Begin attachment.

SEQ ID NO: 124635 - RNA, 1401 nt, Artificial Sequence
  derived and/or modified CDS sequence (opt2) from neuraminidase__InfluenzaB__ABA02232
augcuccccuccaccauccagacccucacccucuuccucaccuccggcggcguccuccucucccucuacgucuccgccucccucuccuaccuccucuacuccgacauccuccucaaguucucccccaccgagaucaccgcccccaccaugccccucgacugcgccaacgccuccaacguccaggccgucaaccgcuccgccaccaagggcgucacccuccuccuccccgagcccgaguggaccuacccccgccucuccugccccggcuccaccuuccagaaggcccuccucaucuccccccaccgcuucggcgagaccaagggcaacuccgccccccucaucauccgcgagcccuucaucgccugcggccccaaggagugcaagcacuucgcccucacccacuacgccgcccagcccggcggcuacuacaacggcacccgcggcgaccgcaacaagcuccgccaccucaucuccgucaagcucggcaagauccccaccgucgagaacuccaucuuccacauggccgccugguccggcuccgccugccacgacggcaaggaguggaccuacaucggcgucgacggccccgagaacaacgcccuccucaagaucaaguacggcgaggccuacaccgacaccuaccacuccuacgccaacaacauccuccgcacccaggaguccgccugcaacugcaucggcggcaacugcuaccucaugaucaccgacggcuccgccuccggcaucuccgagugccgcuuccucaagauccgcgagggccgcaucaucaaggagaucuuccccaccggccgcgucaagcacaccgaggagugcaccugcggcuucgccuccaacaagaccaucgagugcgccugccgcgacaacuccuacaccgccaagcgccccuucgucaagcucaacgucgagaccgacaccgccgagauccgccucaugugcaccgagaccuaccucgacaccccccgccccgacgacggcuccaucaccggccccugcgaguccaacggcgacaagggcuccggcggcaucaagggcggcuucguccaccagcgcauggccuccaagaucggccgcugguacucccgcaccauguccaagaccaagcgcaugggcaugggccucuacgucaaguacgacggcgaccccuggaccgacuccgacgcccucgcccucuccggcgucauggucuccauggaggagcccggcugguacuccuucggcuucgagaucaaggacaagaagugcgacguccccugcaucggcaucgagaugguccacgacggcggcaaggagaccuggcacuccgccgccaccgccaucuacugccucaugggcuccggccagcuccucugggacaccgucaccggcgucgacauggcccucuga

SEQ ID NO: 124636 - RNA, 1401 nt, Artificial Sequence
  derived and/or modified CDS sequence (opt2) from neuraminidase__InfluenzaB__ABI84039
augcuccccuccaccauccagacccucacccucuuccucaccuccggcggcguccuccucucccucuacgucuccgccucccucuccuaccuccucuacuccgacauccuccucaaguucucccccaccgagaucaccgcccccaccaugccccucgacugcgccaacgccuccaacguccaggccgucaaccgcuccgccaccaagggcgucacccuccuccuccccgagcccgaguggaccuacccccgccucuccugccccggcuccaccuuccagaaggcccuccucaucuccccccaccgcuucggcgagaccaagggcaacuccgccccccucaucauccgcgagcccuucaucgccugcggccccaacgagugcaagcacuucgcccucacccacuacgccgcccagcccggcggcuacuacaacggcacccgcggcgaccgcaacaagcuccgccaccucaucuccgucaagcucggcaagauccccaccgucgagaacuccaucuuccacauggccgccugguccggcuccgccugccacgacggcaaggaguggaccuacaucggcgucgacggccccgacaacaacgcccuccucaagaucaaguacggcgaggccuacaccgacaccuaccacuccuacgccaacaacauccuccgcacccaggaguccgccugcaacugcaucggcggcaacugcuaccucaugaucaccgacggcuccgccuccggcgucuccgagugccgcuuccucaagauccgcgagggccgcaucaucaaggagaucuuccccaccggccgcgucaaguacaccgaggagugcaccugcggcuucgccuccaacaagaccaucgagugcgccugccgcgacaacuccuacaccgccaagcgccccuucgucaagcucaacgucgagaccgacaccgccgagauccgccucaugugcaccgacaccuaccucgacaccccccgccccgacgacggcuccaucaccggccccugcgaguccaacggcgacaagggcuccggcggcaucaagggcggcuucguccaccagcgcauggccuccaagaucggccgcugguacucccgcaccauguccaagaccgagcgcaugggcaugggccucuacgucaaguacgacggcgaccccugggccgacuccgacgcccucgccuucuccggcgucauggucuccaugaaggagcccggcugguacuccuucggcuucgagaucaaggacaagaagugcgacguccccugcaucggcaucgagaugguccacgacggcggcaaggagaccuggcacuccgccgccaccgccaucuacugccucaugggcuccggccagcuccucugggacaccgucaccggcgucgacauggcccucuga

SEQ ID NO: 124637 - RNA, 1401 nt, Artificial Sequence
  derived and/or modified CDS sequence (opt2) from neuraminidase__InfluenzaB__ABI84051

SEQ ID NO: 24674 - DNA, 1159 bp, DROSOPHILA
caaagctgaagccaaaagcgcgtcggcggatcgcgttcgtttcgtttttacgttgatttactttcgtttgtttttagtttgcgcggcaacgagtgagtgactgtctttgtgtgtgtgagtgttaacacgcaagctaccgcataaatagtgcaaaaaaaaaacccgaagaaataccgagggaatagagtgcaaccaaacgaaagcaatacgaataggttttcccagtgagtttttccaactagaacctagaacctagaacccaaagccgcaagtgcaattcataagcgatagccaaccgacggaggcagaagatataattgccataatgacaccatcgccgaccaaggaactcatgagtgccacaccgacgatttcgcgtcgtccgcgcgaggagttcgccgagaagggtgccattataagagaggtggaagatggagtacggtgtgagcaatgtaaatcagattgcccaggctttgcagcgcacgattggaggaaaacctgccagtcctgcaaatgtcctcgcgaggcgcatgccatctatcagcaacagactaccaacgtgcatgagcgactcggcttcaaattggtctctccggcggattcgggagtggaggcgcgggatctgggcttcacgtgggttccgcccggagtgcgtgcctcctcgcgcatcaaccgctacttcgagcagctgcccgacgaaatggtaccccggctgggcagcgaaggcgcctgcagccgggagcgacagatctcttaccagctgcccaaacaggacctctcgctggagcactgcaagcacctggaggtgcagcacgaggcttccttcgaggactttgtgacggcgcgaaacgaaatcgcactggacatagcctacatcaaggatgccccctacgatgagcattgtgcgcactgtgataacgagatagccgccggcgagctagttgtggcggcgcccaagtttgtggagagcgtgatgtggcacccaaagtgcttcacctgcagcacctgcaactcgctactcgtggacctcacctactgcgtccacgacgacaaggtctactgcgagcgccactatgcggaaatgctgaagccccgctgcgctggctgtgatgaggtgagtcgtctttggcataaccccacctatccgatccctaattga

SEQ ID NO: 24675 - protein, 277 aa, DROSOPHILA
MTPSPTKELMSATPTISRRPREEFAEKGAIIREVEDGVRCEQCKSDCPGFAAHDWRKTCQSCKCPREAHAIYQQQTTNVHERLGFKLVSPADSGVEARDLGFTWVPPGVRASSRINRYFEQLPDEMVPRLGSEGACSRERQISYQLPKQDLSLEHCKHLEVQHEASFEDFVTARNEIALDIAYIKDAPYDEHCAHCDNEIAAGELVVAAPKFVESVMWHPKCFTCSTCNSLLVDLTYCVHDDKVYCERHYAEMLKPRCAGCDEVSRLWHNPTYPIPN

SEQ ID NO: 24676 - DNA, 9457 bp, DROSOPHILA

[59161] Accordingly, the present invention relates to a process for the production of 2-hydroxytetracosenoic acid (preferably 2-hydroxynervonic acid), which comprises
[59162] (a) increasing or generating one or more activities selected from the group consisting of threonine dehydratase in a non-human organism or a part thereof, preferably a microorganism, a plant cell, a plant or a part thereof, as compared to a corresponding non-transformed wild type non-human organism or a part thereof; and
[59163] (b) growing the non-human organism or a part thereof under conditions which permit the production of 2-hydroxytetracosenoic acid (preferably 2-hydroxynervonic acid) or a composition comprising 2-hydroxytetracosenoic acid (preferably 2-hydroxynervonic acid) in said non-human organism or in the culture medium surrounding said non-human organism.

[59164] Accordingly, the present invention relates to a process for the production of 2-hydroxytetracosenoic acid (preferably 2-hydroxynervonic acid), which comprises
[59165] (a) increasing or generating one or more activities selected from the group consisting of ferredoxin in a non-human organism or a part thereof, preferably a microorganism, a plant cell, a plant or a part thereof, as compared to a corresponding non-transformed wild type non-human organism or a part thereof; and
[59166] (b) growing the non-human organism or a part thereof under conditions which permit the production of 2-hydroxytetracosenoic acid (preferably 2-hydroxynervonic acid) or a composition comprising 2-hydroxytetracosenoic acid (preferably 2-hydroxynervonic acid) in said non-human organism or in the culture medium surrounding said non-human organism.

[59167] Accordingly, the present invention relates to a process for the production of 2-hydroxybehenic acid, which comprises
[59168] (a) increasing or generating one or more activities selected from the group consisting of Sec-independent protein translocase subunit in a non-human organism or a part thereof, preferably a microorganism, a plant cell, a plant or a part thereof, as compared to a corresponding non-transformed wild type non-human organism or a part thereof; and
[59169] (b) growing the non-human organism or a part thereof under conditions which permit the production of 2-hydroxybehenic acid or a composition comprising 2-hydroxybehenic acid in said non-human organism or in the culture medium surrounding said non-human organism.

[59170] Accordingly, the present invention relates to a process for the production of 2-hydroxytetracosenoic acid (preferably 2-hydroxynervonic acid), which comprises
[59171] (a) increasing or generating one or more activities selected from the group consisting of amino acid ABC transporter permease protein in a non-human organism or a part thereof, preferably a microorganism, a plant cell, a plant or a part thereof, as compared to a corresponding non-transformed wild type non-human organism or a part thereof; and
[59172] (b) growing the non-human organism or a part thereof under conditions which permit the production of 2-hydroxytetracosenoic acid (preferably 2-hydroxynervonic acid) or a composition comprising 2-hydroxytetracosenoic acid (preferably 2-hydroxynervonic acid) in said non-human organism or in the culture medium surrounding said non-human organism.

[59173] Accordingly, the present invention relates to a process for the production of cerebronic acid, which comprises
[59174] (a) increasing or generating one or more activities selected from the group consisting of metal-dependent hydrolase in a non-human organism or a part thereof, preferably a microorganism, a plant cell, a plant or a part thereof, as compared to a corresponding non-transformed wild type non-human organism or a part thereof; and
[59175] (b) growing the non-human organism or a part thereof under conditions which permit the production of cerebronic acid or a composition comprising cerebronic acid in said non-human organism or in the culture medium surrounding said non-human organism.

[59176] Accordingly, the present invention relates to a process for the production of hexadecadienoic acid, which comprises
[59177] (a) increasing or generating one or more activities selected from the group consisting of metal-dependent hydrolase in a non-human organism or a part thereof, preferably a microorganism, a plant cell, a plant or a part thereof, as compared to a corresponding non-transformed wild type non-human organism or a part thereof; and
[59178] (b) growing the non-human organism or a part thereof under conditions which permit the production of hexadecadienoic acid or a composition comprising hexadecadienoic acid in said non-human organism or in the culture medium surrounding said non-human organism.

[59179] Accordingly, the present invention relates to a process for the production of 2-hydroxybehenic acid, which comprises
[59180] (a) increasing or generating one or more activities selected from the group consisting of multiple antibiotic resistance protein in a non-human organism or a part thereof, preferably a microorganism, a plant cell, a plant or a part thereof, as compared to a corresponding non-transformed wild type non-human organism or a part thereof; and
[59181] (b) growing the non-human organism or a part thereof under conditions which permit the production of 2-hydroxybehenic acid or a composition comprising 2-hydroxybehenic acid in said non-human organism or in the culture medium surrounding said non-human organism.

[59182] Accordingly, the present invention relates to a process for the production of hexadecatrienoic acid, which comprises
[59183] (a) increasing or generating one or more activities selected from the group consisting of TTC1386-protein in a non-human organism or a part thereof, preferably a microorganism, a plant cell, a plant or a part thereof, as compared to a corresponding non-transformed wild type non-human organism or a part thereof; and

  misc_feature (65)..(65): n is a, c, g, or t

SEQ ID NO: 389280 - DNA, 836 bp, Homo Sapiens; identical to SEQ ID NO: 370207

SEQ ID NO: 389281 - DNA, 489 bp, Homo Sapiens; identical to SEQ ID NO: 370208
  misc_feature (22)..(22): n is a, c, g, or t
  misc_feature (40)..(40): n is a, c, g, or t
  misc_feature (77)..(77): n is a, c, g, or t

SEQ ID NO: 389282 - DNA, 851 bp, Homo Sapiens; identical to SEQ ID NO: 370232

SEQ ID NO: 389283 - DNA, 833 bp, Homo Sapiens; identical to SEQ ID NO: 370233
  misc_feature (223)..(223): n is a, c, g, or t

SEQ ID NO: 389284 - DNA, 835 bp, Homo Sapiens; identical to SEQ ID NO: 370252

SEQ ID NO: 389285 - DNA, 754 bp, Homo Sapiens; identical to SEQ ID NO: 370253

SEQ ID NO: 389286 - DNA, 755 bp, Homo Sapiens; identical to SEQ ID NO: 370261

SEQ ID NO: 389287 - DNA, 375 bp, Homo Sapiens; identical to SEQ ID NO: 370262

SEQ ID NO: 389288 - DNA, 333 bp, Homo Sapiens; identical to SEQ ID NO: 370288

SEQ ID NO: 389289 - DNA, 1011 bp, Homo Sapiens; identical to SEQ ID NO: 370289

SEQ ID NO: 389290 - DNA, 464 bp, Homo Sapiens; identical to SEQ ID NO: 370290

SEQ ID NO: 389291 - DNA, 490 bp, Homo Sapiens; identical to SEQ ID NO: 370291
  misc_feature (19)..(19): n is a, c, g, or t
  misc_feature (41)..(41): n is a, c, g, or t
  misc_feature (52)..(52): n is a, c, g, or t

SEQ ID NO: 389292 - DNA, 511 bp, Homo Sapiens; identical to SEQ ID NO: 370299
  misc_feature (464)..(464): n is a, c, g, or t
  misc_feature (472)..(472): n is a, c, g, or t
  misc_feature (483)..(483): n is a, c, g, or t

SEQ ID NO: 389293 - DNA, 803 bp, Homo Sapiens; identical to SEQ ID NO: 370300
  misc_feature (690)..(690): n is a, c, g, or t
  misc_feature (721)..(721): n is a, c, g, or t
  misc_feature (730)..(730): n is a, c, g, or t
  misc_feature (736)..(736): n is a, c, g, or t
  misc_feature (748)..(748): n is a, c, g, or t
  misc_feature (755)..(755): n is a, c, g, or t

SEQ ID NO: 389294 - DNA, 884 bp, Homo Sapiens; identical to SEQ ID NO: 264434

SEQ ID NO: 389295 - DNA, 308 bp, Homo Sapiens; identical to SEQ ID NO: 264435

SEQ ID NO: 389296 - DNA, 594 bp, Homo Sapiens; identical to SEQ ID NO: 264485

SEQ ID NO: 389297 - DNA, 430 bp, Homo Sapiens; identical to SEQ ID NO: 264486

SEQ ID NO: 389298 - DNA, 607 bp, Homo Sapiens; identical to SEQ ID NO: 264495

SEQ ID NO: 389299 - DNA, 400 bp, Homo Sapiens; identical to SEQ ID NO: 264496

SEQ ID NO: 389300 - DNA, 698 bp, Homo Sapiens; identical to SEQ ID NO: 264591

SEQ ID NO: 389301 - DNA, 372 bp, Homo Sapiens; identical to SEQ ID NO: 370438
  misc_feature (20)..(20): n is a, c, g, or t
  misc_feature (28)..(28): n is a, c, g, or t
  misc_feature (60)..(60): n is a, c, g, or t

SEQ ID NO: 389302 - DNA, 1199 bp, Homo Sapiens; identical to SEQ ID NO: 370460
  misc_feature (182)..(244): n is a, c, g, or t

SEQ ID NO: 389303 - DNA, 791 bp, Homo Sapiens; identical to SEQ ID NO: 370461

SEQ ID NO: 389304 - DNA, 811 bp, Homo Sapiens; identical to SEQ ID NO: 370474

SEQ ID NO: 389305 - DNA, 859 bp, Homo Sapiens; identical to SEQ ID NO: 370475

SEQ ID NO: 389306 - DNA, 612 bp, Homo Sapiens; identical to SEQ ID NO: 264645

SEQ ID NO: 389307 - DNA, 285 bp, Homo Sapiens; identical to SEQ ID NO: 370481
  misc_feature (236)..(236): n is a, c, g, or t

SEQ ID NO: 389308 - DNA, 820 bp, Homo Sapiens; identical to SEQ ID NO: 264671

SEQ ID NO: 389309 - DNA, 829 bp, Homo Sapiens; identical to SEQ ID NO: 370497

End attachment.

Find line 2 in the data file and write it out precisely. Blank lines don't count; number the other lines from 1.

  derived and/or modified CDS sequence (opt2) from neuraminidase__InfluenzaB__ABA02232